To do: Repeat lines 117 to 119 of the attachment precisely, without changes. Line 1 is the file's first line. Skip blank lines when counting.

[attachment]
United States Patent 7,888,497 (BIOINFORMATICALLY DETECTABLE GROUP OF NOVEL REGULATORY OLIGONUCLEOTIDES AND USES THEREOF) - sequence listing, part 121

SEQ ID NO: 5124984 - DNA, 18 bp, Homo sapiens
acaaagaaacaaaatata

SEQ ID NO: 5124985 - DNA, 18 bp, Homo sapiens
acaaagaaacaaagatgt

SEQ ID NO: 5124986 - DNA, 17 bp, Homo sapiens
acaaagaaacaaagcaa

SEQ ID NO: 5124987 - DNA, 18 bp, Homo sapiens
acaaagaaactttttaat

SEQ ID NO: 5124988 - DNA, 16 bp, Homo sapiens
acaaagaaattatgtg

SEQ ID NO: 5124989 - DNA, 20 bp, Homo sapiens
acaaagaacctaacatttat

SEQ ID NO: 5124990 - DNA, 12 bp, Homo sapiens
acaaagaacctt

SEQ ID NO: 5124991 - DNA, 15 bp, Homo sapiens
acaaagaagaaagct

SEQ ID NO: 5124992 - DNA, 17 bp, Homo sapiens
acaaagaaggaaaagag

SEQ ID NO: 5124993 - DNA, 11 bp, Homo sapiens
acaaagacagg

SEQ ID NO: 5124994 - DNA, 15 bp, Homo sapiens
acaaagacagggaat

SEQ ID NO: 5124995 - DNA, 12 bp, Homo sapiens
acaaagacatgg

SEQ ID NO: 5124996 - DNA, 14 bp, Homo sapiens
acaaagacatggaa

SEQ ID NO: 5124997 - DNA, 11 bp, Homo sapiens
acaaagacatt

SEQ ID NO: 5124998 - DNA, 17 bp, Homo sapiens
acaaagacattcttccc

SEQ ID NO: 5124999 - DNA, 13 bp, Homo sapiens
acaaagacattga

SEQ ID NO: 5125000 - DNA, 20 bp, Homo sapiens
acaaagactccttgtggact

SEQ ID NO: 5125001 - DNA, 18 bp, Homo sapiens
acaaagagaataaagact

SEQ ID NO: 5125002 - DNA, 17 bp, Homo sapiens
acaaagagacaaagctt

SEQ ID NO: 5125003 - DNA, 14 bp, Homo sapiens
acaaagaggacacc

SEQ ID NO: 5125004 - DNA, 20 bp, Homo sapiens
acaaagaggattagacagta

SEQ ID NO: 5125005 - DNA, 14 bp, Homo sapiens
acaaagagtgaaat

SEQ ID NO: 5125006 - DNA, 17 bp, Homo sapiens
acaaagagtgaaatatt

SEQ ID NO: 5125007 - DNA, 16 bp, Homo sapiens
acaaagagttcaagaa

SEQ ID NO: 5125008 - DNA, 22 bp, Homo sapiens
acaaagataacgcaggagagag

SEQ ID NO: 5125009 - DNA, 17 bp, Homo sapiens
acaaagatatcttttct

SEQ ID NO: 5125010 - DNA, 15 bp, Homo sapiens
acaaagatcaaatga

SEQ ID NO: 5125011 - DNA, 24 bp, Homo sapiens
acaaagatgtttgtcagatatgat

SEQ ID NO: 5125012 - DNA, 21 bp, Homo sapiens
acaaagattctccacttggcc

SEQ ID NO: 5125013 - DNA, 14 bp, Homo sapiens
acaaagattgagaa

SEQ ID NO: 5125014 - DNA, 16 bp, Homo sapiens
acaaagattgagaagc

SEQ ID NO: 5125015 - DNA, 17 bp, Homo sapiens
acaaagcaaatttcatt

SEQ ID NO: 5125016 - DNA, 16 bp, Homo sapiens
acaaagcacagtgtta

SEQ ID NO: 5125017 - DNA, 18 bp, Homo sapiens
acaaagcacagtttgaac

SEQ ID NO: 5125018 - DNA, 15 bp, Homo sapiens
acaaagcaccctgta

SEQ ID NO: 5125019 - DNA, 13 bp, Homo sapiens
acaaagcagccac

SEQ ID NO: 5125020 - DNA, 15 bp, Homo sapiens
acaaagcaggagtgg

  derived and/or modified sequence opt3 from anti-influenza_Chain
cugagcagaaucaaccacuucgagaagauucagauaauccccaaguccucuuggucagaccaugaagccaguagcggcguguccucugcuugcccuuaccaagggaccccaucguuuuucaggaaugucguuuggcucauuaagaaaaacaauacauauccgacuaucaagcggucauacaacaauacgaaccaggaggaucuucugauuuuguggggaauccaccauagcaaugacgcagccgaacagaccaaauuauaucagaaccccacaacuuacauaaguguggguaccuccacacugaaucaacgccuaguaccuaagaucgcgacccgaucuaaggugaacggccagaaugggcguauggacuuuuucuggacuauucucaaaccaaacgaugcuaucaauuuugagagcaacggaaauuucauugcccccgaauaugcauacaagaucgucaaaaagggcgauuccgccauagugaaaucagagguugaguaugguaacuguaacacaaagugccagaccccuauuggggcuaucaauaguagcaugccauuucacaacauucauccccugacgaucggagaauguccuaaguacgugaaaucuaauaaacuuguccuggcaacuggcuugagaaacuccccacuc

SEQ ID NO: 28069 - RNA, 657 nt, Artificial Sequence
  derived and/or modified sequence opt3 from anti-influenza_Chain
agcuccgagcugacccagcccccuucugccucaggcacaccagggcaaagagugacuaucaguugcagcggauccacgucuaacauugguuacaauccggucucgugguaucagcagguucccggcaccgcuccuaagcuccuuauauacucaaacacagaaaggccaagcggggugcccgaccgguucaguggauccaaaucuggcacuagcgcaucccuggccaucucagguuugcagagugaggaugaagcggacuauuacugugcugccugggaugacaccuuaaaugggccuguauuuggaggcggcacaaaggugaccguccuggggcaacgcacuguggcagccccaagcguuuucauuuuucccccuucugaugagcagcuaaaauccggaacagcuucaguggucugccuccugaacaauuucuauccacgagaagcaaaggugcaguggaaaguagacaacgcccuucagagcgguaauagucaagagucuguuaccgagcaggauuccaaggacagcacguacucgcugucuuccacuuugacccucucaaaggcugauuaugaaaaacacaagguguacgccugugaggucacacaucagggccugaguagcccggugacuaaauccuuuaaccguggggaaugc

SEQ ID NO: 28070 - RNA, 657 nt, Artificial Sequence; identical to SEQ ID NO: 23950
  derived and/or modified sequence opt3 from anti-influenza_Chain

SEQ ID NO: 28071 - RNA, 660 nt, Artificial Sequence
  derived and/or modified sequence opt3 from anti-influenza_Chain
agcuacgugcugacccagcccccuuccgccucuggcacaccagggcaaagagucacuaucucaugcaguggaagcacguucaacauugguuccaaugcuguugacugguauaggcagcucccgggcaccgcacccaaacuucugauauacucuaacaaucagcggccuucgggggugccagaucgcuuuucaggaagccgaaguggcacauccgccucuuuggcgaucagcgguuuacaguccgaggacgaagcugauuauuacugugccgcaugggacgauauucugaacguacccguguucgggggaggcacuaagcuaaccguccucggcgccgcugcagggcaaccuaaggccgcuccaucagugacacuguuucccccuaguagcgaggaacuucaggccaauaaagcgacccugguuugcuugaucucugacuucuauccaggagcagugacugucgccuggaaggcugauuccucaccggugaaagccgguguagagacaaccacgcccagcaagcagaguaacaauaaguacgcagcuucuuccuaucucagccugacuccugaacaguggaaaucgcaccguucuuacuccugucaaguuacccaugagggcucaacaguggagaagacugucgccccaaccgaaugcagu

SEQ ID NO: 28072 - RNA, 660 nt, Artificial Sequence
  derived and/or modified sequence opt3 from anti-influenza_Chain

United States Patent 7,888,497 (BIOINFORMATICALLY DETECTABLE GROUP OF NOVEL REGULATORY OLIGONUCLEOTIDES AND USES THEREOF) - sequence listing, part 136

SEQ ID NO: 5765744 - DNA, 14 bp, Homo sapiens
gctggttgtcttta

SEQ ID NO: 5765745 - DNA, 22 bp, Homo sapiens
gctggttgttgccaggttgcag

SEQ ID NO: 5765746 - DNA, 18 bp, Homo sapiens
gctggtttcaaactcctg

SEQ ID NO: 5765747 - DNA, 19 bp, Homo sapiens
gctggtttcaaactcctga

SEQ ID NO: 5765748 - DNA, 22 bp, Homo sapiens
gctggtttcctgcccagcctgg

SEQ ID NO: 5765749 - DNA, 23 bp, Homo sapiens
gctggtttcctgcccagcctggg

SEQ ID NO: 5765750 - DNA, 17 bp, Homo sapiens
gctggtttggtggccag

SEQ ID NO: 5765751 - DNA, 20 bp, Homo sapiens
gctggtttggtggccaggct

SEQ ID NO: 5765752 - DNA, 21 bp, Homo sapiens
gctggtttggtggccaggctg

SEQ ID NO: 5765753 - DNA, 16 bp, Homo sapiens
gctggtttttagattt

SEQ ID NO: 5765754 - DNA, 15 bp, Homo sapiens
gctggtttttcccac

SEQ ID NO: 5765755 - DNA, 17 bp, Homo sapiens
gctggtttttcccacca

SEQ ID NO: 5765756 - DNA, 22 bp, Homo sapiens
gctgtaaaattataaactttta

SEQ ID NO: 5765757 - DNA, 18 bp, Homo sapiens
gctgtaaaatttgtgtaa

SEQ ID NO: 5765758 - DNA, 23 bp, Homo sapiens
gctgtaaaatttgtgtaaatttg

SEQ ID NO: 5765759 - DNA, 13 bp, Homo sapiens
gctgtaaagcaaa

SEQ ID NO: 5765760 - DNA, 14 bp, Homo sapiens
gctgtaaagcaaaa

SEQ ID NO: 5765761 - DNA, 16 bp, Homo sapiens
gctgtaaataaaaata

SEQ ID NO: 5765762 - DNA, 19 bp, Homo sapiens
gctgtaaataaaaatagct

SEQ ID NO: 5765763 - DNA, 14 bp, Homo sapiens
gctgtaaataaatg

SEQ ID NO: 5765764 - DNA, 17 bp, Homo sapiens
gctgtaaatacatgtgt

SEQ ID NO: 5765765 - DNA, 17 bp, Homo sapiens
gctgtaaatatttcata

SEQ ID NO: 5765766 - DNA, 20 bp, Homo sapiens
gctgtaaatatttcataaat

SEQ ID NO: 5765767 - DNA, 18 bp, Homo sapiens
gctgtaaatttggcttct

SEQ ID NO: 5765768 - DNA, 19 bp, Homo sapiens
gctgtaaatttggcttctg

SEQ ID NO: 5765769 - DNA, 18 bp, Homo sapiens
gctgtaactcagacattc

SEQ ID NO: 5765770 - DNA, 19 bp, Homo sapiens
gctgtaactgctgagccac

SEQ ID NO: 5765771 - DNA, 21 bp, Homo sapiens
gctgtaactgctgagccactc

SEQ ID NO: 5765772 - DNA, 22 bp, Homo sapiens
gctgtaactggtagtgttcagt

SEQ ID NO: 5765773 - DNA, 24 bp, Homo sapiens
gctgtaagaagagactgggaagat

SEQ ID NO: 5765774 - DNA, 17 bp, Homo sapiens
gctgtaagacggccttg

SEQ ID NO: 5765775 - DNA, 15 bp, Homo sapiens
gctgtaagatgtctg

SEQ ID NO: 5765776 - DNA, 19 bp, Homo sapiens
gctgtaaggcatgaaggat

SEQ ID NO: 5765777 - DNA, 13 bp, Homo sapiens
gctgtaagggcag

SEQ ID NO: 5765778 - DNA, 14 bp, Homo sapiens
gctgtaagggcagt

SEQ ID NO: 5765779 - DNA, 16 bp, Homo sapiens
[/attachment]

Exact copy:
SEQ ID NO: 5765758 - DNA, 23 bp, Homo sapiens
gctgtaaaatttgtgtaaatttg

SEQ ID NO: 5765759 - DNA, 13 bp, Homo sapiens